Collection Artwork
Julian LaVerdiere (born New York, New York, 1971)
Lost Cornerstone
2003
Urethane, Styrene, automotive paint, nylon string, steel hook and hardware
Gift of the artist
North America
2010.4

Object Label

Julian LaVerdiere is a production designer and artist whose work often blurs the line between the commercial and art worlds. Intrigued by the intersections of history, science, and commerce, LaVerdiere creates large-scale sculptures and sets that often explore symbols of imperial power, such as the Roman eagle. The Lost Cornerstone replicates the only surviving eagle sculpture from a group of twenty-two that once adorned the pediment of New York’s Pennsylvania Station. Designed by McKim, Mead, and White after a great Roman bathhouse, and constructed in 1910, Pennsylvania Station was razed in 1963 to make way for the current Madison Square Garden and Pennsylvania Plaza.

In 2002, together with a team of artists, architects, and New York City organizations, LaVerdiere created the public art piece Tribute in Light, an annual light memorial that shines September 11th and 12th near the World Trade Center site. In 1996, he co-founded Big Room LLC, and in 2007, he founded Julian LaVerdiere Design Ltd., where he conceives and engineers elaborate environments, sets, and special effects for print advertising, public events, commercial television, and feature films.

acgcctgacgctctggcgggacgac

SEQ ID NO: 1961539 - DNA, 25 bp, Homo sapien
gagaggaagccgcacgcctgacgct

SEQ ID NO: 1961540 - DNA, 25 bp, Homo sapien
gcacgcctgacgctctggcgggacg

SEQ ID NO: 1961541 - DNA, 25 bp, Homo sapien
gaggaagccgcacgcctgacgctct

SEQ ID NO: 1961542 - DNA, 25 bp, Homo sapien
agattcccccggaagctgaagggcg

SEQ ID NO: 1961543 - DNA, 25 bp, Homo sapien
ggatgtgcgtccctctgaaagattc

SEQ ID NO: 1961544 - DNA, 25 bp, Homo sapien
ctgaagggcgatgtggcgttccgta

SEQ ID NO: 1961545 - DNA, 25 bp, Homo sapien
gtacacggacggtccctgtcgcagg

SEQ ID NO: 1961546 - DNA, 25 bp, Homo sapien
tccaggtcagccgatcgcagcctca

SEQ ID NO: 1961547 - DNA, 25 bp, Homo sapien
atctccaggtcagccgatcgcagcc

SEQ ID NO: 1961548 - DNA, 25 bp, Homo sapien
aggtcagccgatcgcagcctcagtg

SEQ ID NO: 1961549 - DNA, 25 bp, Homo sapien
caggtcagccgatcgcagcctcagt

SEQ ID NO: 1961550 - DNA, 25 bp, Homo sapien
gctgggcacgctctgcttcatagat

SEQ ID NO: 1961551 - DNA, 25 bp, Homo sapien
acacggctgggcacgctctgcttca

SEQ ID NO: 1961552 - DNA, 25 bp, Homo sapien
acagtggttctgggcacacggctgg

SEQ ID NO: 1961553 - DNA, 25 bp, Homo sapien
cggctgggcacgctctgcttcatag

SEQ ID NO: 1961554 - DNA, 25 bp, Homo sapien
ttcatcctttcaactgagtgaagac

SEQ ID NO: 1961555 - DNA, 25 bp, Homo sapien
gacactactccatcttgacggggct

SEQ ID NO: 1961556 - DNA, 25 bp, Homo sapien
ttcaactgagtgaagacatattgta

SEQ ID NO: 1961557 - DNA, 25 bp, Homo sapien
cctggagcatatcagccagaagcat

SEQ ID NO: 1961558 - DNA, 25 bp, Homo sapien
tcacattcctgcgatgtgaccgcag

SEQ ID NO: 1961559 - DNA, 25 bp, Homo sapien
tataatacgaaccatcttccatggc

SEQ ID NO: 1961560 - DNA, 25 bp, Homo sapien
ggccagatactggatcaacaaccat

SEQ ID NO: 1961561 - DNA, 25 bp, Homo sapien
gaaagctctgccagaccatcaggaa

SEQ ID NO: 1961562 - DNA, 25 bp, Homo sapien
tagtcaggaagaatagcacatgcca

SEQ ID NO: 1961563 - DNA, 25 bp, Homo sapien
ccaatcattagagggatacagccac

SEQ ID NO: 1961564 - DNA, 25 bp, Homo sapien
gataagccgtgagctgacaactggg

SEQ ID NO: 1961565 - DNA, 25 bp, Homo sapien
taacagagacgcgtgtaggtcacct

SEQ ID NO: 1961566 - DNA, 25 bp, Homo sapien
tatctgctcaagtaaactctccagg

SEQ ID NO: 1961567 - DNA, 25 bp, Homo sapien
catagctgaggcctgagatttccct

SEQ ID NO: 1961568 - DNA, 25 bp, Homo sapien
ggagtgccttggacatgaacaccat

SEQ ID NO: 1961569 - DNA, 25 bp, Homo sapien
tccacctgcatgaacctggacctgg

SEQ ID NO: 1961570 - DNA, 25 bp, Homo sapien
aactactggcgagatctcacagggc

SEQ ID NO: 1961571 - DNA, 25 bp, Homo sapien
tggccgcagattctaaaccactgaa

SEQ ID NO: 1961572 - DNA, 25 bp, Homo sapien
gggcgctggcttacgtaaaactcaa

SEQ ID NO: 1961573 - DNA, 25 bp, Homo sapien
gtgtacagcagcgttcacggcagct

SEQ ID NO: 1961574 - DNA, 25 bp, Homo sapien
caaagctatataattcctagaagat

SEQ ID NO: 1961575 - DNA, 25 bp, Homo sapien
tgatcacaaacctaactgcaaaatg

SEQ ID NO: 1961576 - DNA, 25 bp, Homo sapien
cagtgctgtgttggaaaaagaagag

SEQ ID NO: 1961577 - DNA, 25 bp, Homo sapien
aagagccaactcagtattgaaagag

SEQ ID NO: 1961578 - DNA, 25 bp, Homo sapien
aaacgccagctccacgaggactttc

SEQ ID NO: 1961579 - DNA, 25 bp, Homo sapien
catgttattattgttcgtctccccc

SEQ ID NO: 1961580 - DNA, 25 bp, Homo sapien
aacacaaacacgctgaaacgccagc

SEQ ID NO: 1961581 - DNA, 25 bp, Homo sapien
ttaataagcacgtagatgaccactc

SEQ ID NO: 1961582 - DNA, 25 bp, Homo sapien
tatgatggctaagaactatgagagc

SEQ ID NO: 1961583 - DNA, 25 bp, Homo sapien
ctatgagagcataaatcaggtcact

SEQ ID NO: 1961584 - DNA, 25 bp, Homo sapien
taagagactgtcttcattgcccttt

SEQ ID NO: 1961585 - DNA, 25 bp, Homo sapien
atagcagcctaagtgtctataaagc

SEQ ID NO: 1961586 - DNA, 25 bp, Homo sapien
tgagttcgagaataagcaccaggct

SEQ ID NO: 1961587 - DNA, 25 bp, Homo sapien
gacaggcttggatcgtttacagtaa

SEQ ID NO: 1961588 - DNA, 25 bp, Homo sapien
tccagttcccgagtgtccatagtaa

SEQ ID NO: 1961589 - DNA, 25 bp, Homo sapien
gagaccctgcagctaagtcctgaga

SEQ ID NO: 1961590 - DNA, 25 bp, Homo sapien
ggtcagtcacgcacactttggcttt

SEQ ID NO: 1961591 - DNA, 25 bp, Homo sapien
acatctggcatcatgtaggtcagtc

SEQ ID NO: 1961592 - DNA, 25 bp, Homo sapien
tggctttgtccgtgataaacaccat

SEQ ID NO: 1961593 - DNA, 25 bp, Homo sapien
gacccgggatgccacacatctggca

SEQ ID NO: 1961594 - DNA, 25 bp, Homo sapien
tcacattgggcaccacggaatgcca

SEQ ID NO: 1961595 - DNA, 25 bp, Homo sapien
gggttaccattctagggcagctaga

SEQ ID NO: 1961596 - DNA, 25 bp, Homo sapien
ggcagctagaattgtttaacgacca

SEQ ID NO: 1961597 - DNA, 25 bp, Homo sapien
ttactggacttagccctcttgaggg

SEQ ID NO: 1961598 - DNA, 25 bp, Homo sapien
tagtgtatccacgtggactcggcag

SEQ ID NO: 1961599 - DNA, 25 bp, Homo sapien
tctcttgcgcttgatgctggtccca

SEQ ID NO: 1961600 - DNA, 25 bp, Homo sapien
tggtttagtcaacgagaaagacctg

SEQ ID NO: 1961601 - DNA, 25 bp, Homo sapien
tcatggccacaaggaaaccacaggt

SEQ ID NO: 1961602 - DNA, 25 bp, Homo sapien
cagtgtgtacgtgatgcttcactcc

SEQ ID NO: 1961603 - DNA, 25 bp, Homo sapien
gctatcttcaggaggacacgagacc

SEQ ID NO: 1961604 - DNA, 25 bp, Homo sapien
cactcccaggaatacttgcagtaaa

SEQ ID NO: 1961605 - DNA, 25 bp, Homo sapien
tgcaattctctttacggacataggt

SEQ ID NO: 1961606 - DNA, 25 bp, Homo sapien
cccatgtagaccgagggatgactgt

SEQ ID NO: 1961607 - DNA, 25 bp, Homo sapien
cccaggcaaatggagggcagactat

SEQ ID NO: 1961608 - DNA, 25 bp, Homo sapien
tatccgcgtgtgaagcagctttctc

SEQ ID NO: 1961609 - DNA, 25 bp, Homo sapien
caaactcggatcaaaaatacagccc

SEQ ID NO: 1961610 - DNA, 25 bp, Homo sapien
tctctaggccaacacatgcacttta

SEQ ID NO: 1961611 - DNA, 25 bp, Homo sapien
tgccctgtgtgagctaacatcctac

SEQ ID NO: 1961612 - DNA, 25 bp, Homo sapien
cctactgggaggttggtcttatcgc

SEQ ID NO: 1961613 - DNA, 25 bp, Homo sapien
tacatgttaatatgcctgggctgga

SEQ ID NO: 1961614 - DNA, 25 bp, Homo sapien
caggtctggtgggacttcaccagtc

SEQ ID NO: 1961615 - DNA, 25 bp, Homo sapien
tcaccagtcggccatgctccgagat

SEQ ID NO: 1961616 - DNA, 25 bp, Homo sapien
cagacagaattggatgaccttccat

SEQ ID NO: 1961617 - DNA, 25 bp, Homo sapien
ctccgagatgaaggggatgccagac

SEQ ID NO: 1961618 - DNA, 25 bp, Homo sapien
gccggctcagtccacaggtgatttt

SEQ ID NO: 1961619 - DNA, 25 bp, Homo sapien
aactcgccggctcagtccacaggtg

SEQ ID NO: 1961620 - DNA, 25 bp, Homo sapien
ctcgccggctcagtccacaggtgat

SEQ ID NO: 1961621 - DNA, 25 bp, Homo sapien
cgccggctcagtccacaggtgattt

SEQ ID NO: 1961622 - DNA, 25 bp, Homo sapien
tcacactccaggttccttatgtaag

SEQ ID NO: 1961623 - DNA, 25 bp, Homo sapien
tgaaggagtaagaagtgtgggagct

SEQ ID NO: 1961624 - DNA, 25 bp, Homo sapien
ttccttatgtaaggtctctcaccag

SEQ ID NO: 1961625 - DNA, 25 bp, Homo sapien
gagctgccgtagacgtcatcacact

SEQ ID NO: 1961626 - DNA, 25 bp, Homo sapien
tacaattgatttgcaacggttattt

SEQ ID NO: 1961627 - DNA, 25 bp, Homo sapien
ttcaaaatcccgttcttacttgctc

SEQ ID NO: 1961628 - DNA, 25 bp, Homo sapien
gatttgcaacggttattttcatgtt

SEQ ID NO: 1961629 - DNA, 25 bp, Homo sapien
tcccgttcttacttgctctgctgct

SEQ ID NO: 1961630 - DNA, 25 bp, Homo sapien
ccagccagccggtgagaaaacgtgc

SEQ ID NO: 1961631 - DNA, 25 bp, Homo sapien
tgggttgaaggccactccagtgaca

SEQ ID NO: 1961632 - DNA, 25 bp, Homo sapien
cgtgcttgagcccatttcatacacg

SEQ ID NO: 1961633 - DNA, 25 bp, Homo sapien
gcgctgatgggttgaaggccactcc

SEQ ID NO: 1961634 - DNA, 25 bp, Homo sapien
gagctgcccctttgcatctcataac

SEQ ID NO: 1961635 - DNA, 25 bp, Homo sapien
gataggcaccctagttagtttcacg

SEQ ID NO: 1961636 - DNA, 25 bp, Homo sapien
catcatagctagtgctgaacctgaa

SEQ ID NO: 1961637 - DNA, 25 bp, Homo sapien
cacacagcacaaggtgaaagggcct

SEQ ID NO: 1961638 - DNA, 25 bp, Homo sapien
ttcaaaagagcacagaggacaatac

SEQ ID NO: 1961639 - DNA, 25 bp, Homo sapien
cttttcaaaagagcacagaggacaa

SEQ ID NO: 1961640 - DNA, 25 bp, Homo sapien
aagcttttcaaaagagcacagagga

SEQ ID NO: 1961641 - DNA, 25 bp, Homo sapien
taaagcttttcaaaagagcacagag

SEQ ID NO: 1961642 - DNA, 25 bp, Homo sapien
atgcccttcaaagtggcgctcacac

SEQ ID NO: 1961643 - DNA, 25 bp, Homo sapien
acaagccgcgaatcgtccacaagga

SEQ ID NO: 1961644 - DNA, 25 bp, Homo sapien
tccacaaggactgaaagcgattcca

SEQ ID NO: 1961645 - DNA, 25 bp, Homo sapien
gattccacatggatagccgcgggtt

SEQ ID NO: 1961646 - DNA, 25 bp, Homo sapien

From the exhibition: One Work (January 25 – June 1, 2014)

Ongoing Research

Research on our collection is ongoing. If you have resources you’d like to share, please contact Associate Curator Rebecca McNamara.

Learn more

One Work
Exhibition
Julian LaVerdiere on Lost Cornerstone, 2003
Video
Interview
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Pattern by Monica Andrews '19
Inspired by the exhibition 3-D Doings: The Imagist Object in Chicago Art, 1964-1980
The Tang Pattern Project celebrates the Museum’s 20th anniversary. Organized by Head of Design Jean Tschanz-Egger, past and current Tang Design Interns created patterns inspired by the Museum’s exhibition and event history.